If you want to develop people, you could do a lot worse than to follow the example of Jesus.
No, this is not a religious blog. You don’t have to join a church, nor is it necessary that you profess any particular religious dogma or creed. I’m just saying that Jesus knew a thing or two about developing people.
If you’ve read the gospels, you know that Jesus had a message: Follow Me. And he had a mission: Spread the Word. He had three years to accomplish His mission, and to help Him He had twelve team members.
And if you are a leader, you have a mission and team members to help you, too.
I’m not really changing the subject, but…What has 399 eyes and 416 teeth? The front row of a Garth Brooks’ concert! Hey, don’t be mad at me. I like country music, and I like Garth Brooks. But I’m pretty sure the point of that “joke” is to denigrate country music and country music fans, right?
So let me use that to say a word about the team Jesus gathered: Jesus attracted a host of people who might have been called rednecks or hillbillies, people like Peter and Andrew, both fishermen, lacking formal education and no doubt smelled of the sea; Matthew the tax collector, a profession so reviled that no respecting Jew would be found in the company of one; brothers James and John who were known as “The Sons of Thunder” (making them sound like founding members of the World Wide Wrestling Federation); Thomas, famous for doubting Jesus; Judas who betrayed Jesus.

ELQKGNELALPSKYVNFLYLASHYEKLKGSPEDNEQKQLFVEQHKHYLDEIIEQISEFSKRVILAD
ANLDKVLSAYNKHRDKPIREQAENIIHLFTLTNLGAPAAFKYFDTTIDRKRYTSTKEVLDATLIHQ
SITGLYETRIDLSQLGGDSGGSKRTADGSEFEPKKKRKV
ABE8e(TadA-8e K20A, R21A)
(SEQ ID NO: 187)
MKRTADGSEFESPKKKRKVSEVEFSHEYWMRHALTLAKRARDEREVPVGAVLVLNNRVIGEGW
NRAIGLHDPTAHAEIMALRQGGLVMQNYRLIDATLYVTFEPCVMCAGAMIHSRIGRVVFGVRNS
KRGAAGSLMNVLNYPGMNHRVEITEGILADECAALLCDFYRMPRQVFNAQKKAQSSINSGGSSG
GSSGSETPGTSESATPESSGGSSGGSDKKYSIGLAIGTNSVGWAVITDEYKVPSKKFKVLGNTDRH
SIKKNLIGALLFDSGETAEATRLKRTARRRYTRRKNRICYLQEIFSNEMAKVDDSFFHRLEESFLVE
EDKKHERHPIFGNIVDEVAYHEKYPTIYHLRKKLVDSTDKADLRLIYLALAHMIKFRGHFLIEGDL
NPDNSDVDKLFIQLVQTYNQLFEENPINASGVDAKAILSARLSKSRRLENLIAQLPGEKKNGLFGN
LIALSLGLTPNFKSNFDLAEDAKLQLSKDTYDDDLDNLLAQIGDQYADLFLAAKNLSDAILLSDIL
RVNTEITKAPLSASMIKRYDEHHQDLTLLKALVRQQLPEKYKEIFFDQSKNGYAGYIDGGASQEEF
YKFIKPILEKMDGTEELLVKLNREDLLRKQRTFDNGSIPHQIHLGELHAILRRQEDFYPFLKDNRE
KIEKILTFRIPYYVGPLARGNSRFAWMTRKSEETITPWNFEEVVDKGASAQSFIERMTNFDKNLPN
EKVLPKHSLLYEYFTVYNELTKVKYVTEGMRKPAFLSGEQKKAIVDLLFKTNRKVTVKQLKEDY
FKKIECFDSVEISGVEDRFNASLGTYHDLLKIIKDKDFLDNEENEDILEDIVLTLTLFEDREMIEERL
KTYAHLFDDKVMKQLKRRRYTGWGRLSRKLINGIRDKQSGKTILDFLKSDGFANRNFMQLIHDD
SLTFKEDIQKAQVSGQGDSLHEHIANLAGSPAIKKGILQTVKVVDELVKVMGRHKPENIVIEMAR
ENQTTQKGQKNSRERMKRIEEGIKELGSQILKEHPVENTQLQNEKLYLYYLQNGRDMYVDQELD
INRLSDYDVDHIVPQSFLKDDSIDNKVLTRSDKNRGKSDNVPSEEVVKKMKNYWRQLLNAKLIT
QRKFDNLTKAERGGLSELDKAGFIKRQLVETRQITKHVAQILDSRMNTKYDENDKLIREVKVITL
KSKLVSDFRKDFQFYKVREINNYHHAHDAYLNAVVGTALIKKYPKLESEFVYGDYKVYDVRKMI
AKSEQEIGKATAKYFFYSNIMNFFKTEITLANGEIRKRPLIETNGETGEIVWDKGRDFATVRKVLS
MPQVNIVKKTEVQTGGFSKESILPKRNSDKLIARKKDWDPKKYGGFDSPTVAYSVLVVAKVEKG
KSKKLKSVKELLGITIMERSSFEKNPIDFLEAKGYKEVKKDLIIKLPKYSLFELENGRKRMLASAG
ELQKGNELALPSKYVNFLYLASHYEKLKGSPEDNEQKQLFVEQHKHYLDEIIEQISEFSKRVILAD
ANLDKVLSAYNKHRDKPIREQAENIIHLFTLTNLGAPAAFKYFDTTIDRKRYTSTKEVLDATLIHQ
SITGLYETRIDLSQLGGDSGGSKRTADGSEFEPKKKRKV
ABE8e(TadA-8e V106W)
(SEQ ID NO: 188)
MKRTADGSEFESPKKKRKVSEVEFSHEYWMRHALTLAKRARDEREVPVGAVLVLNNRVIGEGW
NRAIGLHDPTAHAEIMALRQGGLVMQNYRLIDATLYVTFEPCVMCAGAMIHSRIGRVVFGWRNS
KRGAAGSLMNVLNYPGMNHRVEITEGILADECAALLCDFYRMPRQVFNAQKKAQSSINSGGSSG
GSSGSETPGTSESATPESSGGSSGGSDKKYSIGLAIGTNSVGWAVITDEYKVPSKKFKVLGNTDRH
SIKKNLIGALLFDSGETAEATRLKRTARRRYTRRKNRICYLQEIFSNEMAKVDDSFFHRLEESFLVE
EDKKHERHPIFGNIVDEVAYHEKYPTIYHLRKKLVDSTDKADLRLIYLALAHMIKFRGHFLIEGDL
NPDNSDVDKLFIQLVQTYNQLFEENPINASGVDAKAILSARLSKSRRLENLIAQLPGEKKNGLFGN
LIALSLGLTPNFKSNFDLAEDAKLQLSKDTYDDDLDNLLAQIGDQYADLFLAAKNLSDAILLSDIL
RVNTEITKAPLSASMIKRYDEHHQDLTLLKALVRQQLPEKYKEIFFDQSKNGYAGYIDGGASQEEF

If you are a leader, some of your followers might be rough around the edges, people you wouldn’t necessarily trust to water your office plants much less deliver on your goals.
Jesus didn’t hand-pick Harvard MBA’s to carry his message. Jesus didn’t hold auditions like He was sponsoring an early version of Nazareth’s Got Talent to see which twelve might be the most worthy of His company. No. Jesus said, Follow Me. Jesus called those twelve members along with many, many others. What set this twelve apart from the rest is that they answered His call.
If you are a leader, try to attract talented employees. But don’t be afraid to select those with less talent and natural ability if they have a high degree of passion and hunger for the job.
Jesus didn’t expect perfection. For example, Peter, the one Roman Catholics call the first Pope, denied that he even knew Jesus when he was under pressure from the authorities. In fact, Peter spewed out a line of ^&%$#@ to prove that he was no friend of Jesus. Was Peter perfect? Heck, no. In that moment, He was spineless! But Jesus was okay with that. He worked with any who were willing to follow and learn. He developed them, let them walk alongside of Him. He challenged them, pushed their thinking. And finally, He commissioned them to deliver on His mission.
If you are a leader, don’t expect a team of Michael Jordan’s. If you wait to find a superstar, you’ll waste time that you could be spending developing people to a higher level of mastery.
Finally, Jesus empowered His imperfect followers to get some practice while He was still walking with them. Jesus had a three year mission on Earth, three years to infuse His team with the right attitudes, the right thoughts, the right values, and the right actions. After that, they were on their own. Jesus trusted them to try (and fail) while He was still there to guide them.
If you lead others, you can’t wait until they are “ready” before you let them try things on their own. They will fail. Count on it. But if you’ve taught them well, they will remember enough to carry your mission and your work forward for others to see years down the road.
HDJM (How Did Jesus Mentor)? What He did was…
- KNOW HIS TEAM
- TAKE EACH MEMBER WHERE THEY WERE
- SELECT MEMBERS BASED ON PASSION
- EMPOWER THEM TO GET THE JOB DONE
Let’s see Garth Brooks top that…